Homophobia 'insults God', says Archbishop of Dublin

Archbishop Diarmuid Martin anointing a person with holy oils at the annual Dublin Diocesan World Day of the Sick Mass in the Church of St Therese in Mount Merrion

Sarah MacDonald

HOMOPHOBIA is "insulting to God", Archbishop of Dublin Diarmuid Martin has warned.

In the wake of the so-called 'Pantigate' controversy over homophobia comments made on RTE and a defamation settlement, Dr Martin said: "God never created anybody that he doesn't love."

Speaking to the Irish Independent, the senior cleric said this meant that "anybody who doesn't show love towards gay and lesbian people is insulting God. They are not just homophobic if they do that – they are actually Godophobic because God loves every one of those people".


Referring to the revelations made last week by TD Jerry Buttimer, that he was beaten, spat at, mocked and harassed because he was gay, Dr Martin expressed concern saying: "Certainly the sort of actions that we heard of this week of people being spat at because they were gay or ridiculed . . . that is not a Christian attitude. We have to have the courage to stand up and say that."

He added: "We all belong to one another and there is no way we can build up a society in which people are excluded or insulted.

"We have to learn a new way in Ireland to live with our differences and for all of us to live with respect for one another."

Concerns have been raised that debate could be stifled ahead of the upcoming referendum on gay marriage, after the national broadcaster paid compensation and apologised to officials from the Catholic advocacy group The Iona Institute over comments on homophobia made on 'The Saturday Night Show' by gay rights activist Rory O'Neill, who performs under the drag name Miss Panti Bliss.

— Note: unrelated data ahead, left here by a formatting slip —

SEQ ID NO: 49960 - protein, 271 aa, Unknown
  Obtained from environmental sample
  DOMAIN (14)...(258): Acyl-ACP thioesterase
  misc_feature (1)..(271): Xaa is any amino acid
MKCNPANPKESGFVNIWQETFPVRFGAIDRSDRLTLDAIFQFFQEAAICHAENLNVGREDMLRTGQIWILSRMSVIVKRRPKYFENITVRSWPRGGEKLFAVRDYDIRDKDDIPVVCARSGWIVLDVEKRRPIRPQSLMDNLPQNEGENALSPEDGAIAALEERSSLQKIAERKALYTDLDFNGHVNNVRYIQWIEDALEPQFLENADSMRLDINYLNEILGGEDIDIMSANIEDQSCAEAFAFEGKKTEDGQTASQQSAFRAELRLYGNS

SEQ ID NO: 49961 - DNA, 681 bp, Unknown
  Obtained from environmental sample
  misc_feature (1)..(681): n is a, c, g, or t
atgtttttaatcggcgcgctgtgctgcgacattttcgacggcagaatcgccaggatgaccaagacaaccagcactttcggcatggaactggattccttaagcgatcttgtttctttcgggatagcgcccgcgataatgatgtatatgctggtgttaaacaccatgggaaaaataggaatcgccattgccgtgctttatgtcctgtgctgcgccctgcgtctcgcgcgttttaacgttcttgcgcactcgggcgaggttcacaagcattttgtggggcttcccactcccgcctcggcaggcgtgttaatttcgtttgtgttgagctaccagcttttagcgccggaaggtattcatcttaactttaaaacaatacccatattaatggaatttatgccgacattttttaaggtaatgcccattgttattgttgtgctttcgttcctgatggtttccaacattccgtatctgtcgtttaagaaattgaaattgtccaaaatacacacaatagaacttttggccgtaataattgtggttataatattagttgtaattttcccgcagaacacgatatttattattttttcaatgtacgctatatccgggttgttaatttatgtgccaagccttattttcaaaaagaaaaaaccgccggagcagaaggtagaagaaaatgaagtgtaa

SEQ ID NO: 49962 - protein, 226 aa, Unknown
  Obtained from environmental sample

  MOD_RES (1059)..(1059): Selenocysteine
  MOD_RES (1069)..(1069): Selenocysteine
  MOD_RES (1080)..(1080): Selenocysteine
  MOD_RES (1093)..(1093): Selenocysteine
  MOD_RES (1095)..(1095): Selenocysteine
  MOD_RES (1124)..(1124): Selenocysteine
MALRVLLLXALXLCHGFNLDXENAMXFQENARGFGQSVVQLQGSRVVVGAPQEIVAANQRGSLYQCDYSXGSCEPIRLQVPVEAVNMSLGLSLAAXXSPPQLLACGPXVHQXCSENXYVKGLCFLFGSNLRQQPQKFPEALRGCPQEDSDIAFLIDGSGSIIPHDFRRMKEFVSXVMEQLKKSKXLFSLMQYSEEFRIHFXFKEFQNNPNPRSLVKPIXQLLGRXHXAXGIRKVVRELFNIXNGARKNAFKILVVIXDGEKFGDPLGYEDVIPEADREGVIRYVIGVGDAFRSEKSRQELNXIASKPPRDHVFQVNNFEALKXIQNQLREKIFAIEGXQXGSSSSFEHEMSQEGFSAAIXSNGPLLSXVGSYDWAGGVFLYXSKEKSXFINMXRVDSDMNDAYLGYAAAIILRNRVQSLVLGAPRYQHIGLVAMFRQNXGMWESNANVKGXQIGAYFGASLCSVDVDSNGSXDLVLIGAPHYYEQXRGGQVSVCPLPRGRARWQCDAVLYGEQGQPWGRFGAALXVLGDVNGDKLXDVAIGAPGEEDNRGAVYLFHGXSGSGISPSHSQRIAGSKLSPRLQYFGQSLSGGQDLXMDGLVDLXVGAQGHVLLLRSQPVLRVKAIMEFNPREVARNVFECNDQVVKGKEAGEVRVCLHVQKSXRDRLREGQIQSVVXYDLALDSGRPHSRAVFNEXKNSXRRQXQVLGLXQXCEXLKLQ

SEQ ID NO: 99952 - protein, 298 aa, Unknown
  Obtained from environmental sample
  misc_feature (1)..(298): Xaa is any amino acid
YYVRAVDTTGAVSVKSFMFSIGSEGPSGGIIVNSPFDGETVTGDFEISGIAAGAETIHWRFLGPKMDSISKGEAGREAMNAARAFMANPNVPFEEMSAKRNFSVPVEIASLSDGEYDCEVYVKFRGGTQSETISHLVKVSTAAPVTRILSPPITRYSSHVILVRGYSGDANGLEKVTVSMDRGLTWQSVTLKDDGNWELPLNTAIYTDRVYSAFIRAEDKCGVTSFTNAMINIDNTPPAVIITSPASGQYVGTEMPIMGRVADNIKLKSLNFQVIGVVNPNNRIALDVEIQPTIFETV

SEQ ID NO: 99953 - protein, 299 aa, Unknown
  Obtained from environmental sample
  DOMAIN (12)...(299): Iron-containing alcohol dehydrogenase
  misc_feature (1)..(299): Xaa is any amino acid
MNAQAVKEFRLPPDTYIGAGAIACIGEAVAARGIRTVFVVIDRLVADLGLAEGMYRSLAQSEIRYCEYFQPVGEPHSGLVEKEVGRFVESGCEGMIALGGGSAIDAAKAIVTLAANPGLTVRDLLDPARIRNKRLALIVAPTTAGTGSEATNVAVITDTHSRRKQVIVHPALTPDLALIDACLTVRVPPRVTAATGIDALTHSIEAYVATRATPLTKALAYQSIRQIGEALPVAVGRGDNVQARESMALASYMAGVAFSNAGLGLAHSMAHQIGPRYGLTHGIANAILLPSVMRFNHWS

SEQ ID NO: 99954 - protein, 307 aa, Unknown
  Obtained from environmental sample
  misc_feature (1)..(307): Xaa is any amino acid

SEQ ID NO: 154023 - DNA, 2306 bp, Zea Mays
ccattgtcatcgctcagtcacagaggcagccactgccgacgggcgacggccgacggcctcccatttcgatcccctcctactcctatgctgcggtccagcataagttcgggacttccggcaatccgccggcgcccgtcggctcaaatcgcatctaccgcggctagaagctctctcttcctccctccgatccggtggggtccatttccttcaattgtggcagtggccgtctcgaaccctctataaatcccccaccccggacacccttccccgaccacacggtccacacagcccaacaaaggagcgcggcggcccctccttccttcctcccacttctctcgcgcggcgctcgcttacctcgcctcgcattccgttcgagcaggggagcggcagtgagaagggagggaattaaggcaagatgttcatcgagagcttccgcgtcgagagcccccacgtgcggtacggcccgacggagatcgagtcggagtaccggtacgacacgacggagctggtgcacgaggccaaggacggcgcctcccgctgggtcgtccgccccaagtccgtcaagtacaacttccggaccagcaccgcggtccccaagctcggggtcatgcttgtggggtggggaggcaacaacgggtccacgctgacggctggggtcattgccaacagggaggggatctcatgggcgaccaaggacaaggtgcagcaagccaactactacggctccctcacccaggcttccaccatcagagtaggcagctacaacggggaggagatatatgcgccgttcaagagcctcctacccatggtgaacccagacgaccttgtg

Dr Martin called for the debate around marriage equality to be carried out "in a serene and sober way in which people can express themselves and differences can emerge".

Dr Martin also noted: "Just because a person isn't in favour of gay marriage doesn't mean that one is homophobic – let's be very clear on that."

But he added that "all of us have to be careful about the way we speak and the language we use".

On this he highlighted a point he made in his homily at yesterday's Dublin diocesan Mass for the sick at the Church of St Therese in Mount Merrion, during which there was a call for an end to "the clenched fist and the wicked word".

Dr Martin said that at times in society today there was a "harshness and an arrogance and a relentless sense of vindictiveness, both in deeds such as in violence, but also in speech and in public debate".

He urged believers to make their truth known not through harsh words but with the gentle tone of the Gospel.